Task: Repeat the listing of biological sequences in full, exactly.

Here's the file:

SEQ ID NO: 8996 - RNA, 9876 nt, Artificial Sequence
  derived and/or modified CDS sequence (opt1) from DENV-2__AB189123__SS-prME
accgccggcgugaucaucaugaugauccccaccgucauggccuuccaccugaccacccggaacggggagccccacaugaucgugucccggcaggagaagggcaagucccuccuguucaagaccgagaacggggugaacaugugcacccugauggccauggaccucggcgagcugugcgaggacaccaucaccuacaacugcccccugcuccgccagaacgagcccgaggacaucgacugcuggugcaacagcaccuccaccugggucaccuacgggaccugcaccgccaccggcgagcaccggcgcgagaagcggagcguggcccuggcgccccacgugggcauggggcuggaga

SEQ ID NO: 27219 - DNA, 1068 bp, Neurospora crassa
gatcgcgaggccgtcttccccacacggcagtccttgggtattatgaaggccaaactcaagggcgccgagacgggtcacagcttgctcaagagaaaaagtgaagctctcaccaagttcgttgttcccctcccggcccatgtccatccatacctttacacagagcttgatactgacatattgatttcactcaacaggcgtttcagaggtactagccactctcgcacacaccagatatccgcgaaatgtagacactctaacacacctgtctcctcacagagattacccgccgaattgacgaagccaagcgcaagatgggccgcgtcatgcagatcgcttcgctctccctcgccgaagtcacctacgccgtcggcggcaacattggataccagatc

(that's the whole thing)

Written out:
SEQ ID NO: 8996 - RNA, 9876 nt, Artificial Sequence
  derived and/or modified CDS sequence (opt1) from DENV-2__AB189123__SS-prME
accgccggcgugaucaucaugaugauccccaccgucauggccuuccaccugaccacccggaacggggagccccacaugaucgugucccggcaggagaagggcaagucccuccuguucaagaccgagaacggggugaacaugugcacccugauggccauggaccucggcgagcugugcgaggacaccaucaccuacaacugcccccugcuccgccagaacgagcccgaggacaucgacugcuggugcaacagcaccuccaccugggucaccuacgggaccugcaccgccaccggcgagcaccggcgcgagaagcggagcguggcccuggcgccccacgugggcauggggcuggaga

SEQ ID NO: 27219 - DNA, 1068 bp, Neurospora crassa
gatcgcgaggccgtcttccccacacggcagtccttgggtattatgaaggccaaactcaagggcgccgagacgggtcacagcttgctcaagagaaaaagtgaagctctcaccaagttcgttgttcccctcccggcccatgtccatccatacctttacacagagcttgatactgacatattgatttcactcaacaggcgtttcagaggtactagccactctcgcacacaccagatatccgcgaaatgtagacactctaacacacctgtctcctcacagagattacccgccgaattgacgaagccaagcgcaagatgggccgcgtcatgcagatcgcttcgctctccctcgccgaagtcacctacgccgtcggcggcaacattggataccagatc